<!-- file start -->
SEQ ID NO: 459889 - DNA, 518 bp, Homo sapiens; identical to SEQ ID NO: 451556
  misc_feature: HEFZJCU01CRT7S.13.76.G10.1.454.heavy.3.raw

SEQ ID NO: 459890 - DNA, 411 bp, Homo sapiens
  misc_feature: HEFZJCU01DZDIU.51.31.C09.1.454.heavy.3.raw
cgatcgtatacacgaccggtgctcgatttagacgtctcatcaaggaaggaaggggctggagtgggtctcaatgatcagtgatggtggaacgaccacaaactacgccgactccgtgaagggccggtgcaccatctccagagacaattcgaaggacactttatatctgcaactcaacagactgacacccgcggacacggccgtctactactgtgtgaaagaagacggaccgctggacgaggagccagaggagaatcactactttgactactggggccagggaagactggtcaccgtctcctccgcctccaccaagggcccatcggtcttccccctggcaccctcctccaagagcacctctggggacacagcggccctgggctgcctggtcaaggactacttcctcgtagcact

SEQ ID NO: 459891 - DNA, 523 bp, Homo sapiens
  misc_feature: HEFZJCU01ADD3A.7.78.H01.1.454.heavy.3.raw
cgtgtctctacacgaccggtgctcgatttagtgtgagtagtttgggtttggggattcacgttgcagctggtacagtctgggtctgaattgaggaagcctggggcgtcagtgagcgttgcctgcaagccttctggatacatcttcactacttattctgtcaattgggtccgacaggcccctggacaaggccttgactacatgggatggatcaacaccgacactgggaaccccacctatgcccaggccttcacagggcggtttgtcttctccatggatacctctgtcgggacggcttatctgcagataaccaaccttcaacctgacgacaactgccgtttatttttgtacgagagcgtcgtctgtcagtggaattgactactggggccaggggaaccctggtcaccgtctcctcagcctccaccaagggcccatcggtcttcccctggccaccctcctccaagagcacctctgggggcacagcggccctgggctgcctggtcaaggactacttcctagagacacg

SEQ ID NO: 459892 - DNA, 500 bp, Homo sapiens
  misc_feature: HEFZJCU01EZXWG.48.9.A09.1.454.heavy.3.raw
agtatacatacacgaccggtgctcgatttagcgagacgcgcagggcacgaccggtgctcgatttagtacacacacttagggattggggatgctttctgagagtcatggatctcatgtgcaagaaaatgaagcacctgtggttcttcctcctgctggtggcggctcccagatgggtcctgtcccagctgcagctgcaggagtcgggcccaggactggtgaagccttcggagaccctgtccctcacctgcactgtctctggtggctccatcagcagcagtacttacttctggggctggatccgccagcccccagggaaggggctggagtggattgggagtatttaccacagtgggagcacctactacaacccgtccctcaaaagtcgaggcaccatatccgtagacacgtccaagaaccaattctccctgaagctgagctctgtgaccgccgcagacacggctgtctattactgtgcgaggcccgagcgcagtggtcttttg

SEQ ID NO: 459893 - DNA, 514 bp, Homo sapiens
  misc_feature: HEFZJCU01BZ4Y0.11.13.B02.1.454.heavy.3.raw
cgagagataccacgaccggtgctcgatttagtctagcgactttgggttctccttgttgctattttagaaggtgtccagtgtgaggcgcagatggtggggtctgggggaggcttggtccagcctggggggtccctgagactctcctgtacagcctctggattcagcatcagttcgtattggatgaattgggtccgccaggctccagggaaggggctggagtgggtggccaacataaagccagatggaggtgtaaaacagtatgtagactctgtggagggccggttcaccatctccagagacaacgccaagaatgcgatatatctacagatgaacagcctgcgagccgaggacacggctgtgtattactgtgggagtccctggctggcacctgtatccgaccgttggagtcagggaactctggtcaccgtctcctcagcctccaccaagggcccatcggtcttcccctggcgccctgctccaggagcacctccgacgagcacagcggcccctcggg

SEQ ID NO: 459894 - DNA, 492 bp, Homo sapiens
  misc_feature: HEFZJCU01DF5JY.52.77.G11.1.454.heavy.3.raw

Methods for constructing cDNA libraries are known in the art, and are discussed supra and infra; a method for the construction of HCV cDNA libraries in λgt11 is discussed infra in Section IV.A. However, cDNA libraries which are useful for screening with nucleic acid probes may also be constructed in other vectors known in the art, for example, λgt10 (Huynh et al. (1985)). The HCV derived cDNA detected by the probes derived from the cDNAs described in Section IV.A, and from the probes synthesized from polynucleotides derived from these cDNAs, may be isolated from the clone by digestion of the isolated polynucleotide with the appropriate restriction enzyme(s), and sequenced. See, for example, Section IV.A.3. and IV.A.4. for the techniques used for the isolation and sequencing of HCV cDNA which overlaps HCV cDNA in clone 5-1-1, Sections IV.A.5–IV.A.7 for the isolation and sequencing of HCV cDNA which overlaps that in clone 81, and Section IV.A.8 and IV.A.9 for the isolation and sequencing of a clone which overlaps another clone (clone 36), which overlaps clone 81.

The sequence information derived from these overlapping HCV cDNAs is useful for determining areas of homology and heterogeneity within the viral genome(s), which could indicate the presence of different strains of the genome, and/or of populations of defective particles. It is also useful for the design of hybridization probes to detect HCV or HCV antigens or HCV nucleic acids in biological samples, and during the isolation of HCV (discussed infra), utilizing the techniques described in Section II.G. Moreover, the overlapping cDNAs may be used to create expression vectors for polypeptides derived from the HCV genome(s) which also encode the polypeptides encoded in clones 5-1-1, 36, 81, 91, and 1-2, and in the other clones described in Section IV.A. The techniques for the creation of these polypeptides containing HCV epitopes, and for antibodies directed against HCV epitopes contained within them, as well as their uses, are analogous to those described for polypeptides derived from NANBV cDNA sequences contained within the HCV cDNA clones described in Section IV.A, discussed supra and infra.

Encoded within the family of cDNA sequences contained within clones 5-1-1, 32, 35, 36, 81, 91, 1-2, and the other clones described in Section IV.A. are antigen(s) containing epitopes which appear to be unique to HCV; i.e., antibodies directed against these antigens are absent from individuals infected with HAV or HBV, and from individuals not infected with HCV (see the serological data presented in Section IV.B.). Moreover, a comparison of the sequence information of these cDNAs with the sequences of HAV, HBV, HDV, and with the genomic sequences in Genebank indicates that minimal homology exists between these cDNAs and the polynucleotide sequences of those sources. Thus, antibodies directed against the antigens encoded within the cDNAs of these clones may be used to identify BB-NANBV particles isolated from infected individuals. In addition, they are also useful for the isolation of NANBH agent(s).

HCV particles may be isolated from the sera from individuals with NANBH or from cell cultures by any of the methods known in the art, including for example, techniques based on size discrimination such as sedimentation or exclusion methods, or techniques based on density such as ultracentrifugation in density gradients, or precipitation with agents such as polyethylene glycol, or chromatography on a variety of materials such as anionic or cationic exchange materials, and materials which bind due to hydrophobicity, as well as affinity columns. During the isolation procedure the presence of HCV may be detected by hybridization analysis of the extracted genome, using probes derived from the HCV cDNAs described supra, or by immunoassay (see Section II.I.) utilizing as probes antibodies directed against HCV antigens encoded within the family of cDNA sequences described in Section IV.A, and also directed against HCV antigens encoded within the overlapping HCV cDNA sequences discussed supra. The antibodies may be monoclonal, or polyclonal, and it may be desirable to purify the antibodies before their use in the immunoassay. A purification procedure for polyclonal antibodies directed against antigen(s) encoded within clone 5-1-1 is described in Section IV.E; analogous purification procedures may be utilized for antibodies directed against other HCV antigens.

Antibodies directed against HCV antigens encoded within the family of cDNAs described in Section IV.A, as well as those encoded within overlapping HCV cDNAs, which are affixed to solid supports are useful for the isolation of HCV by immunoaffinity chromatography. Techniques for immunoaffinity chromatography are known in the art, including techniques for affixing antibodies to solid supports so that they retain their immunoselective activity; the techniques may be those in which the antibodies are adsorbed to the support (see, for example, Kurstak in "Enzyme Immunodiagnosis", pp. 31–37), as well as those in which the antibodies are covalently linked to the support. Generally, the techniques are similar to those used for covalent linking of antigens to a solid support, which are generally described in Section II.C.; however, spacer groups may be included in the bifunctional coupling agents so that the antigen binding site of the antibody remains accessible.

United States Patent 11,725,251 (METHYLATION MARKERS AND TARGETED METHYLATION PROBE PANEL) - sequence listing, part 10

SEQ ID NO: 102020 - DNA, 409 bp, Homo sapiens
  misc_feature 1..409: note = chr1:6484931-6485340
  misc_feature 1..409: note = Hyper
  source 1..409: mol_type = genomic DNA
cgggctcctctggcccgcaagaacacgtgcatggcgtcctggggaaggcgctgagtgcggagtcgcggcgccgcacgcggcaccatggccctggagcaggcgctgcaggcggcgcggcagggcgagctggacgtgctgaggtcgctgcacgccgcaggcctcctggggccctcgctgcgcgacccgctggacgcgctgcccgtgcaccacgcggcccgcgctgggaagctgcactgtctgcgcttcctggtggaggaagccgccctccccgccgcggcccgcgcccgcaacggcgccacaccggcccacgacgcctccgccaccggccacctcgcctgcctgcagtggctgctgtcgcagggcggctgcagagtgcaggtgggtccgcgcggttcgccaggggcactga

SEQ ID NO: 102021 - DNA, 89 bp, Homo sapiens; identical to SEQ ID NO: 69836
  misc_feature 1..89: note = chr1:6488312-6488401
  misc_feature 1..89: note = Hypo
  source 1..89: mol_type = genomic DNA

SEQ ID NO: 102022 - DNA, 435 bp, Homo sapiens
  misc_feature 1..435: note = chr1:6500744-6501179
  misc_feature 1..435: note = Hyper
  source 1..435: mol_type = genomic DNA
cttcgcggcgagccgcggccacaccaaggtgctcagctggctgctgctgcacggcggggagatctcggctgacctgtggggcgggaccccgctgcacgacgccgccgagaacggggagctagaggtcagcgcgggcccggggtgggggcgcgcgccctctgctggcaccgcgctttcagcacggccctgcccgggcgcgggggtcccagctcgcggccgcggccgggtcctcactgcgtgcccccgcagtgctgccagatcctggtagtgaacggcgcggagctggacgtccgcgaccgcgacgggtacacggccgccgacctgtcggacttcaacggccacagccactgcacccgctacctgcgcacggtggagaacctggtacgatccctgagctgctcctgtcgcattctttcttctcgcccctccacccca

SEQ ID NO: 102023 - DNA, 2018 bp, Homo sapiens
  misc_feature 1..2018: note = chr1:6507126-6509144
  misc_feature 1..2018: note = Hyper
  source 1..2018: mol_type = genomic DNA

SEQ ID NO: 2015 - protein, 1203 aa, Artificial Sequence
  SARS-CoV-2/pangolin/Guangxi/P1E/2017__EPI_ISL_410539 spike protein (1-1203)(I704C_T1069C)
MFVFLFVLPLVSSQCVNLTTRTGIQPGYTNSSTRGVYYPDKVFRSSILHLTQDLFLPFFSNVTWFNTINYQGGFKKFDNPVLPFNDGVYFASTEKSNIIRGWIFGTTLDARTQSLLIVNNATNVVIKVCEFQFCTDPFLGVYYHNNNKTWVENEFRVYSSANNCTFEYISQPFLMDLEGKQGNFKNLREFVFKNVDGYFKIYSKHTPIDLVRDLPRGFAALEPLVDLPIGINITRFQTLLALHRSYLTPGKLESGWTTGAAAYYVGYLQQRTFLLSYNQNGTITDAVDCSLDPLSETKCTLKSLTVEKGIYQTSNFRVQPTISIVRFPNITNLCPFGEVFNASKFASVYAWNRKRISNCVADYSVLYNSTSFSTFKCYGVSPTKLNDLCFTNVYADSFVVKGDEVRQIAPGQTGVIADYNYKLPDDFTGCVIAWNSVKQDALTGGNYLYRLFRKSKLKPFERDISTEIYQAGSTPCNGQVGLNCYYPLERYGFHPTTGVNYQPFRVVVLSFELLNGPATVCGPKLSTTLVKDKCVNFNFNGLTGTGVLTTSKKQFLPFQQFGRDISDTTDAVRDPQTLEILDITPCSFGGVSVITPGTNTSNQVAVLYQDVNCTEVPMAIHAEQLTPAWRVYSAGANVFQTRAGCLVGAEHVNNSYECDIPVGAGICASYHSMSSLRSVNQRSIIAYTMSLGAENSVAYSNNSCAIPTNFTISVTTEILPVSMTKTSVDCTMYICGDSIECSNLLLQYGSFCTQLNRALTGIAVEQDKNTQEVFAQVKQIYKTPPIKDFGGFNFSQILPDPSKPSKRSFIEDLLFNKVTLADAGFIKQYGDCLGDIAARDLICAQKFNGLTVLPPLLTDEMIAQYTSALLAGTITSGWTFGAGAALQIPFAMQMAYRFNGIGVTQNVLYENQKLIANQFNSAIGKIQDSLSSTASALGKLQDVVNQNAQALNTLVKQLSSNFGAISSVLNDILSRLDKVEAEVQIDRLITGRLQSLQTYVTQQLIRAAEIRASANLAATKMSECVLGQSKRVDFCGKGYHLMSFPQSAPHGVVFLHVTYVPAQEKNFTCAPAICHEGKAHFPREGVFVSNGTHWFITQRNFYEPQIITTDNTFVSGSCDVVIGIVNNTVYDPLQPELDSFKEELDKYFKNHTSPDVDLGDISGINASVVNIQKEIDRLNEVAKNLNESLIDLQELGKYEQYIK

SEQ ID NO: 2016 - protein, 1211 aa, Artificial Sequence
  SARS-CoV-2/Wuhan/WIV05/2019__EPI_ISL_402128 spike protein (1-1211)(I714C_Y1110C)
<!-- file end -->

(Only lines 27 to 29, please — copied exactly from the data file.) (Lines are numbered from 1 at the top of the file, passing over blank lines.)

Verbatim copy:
cgggctcctctggcccgcaagaacacgtgcatggcgtcctggggaaggcgctgagtgcggagtcgcggcgccgcacgcggcaccatggccctggagcaggcgctgcaggcggcgcggcagggcgagctggacgtgctgaggtcgctgcacgccgcaggcctcctggggccctcgctgcgcgacccgctggacgcgctgcccgtgcaccacgcggcccgcgctgggaagctgcactgtctgcgcttcctggtggaggaagccgccctccccgccgcggcccgcgcccgcaacggcgccacaccggcccacgacgcctccgccaccggccacctcgcctgcctgcagtggctgctgtcgcagggcggctgcagagtgcaggtgggtccgcgcggttcgccaggggcactga

SEQ ID NO: 102021 - DNA, 89 bp, Homo sapiens; identical to SEQ ID NO: 69836
  misc_feature 1..89: note = chr1:6488312-6488401